At VLS, A Call To Act
South Royalton — The 38th Vermont Law School commencement was meant to celebrate the 300 graduates assembled in rows, but the send-off message presented by alumni, faculty and students was about thinking beyond themselves.
Marching to the whistle of a bagpipe, the graduates walked silently from campus through the streets to the town green. Family members stretched on tiptoe to snap a photograph as the students, clad in black robes with indigo caps, filed into the large white tent and found their seats.
“Hello, Class of 2013,” VLS President and Dean Marc Mihaly said to cheers and shouts. “I’m pleased to talk to you on — for some of you graduates, after 26 some years of school — your very, very, very last day of school.”
Twenty-eight distance learning students traveled from as far away as the Philippines and Puerto Rico to participate in this year’s commencement ceremony, making 2013 the first time in school history that its degree recipients will include both residential and non-residential students.
In his welcoming remarks, Mihaly confessed that he could recall “absolutely nothing of what was said” at his own law school graduation. “So I want to focus on something that might resonate with you right now so that it really doesn’t matter if you remember it or not,” he said to his laughing students.
Mihaly explained that he struggled with the “me” concept during his time in law school — his studies, projects and papers benefitted only him.
“As I started to work, in my case in legal aid, but it really doesn’t matter where, from the very first day, suddenly it wasn’t about me anymore. It was about them, the clients. Real people with real problems to solve, real issues to address, and I was the one that made the difference between help or no help.” Mihaly said. “The work world pulls you away from yourself and into the lives of others, into the problems and issues of individuals and institutions and that becomes your focus.”
Student speaker Kristen Friedman Tietz followed Mihaly’s call to action, reciting the pledge they each took on arriving at VLS. “I commit myself to zealous advocacy for justice and to ethical service without prejudice,” Tietz said, reading the last line of the pledge. She repeated the phrasing “zealous advocate,” reminding her classmates that whether they came to law school because they were inspired by the television show Law and Order or the movie A Few Good Men, they were leaving firm in their beliefs and sure of their capabilities.
She joked that they probably wouldn’t have made it through without ice cream, alcohol and good friends, but surviving “Vermont’s two seasons: snow and mud” together made their time at VLS all the better.
“We have successfully made it through law school and everyone else has successfully made it through putting up with us while we were in law school,” Tietz quipped.
The commencement address was given by Randy Hertz, a clinical professor at New York University School of Law. Hertz also serves on the VLS board of trustees. He said he has attended his fair share of commencement ceremonies over the past 28 years and has learned three things about speeches: keep them memorable, inspirational and brief.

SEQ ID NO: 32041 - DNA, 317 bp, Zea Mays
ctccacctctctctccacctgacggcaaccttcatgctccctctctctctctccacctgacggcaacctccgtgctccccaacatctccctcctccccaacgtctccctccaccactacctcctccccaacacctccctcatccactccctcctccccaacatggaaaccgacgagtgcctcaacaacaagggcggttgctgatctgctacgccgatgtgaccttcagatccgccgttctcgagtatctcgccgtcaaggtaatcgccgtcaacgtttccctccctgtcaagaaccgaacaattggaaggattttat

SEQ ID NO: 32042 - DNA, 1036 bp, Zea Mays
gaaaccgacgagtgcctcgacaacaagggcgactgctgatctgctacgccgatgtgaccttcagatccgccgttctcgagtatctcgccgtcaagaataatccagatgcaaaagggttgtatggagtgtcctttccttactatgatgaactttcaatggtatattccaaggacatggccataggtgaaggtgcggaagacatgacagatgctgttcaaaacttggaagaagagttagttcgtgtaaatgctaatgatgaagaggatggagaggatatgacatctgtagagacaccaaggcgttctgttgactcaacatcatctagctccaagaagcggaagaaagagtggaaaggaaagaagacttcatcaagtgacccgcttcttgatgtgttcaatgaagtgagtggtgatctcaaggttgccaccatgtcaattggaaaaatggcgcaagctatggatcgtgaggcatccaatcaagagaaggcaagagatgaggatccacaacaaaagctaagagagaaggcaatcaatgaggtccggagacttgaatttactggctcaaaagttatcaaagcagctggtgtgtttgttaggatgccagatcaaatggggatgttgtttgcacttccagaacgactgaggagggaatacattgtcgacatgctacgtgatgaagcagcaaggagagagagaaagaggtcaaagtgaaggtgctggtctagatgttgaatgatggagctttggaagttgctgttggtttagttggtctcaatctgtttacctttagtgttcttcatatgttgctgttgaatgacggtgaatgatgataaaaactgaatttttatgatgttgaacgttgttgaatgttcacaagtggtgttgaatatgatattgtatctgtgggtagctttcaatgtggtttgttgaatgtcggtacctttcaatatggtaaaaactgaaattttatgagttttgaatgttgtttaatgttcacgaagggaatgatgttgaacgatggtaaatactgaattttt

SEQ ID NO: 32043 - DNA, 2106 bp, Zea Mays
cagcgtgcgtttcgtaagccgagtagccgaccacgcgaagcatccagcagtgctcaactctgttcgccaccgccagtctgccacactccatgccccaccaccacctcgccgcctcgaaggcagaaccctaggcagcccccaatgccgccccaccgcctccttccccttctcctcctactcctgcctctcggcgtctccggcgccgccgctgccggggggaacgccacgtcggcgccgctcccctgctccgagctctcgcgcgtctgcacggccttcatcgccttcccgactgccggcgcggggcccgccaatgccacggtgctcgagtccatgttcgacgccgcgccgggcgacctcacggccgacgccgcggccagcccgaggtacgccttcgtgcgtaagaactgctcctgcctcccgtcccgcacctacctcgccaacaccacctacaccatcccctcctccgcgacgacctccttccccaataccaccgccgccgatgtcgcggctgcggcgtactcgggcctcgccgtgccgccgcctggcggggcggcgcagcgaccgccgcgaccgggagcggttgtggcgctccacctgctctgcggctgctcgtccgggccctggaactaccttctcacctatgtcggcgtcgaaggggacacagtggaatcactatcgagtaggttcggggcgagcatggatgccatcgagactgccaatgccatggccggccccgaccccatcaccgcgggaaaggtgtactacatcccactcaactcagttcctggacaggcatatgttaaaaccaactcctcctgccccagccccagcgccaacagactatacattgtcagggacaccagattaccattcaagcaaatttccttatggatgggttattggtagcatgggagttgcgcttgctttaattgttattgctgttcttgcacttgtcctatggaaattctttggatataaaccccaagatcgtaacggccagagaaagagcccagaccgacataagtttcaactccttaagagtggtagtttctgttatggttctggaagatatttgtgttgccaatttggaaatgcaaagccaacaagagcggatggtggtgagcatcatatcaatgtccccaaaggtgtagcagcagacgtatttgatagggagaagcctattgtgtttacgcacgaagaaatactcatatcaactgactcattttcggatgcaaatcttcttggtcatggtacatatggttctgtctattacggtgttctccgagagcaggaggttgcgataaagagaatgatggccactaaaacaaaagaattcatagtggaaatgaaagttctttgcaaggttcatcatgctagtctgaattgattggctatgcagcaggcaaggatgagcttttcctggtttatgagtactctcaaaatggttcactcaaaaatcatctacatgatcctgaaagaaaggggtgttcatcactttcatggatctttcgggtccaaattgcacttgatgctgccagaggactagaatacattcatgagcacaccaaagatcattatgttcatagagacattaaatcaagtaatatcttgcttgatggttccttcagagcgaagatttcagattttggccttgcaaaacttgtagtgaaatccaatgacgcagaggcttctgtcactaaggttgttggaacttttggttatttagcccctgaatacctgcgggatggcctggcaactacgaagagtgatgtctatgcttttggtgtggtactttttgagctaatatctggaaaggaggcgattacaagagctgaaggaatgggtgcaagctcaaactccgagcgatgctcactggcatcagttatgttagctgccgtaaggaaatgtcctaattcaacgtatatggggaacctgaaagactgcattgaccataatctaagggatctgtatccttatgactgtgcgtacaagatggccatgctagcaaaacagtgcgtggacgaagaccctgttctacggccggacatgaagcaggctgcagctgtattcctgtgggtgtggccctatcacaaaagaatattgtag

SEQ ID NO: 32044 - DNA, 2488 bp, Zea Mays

As he emphasized the importance of keeping in contact with mentors and professors, his cell phone rang. “That’s probably one of my students right now, calling to tell me what’s happening,” he said with a smile.
Hertz described two themes — community service and continual learning — as keys to success in the world of law. “You need to do more on your own to continue to educate yourself,” Hertz said.
In the spirit of mentorship, faculty, alumni and students honored professor Linda Smiddy during the commencement ceremony. Smiddy, who has taught courses in contracts, corporate finance, corporations, and comparative law at VLS as a full-time faculty member since 1988, is retiring after this year.
“When Dean Mihaly asked me to say a few words about professor Smiddy on behalf of the alumni, I was thrilled, and then I was overwhelmed,” said VLS Alumni Association President Karis North, her voice cracking.
“How do you put 25 years of caring and affection into a few brief remarks? But since I’m a lawyer, taught by professor Smiddy, I did what lawyers do. I did my research and talked to my colleagues.” She then cited anecdotes alumni shared with her of Smiddy’s influence on their lives and careers. “On behalf of all of your co-alumni, thank you professor Smiddy, for your gifts of support and wisdom and advice. Thank you for teaching us how to lawyer with skill, with grace, with poise and with confidence.”
The ceremony closed with the presentation of honorary degrees to Hertz, Vermont Attorney General William Sorrell and the “father of Brazilian environmental law,” professor Paulo Affonso Leme Machado.
As it neared noon, Vice Dean Mark Latham called the graduates to the stage to receive their ivory-colored diplomas and green and gold hoods. They turned their tassels and returned to their seats, where they listened to classmate Katie Thomas close the ceremony with the singing of the national anthem.
Elena Mihaly received the Learned Hand Award for Academic Excellence; Sarah Mooney was awarded the Alumni Association Award for Contribution to the School; The Maximilian W. Kempner Award was given to Richard Sala and Scott Cullen, ‘97, was presented with the Jeff and Genie Shields Prize.
Katie Mettler can be reached at firstname.lastname@example.org or 603-727-3234.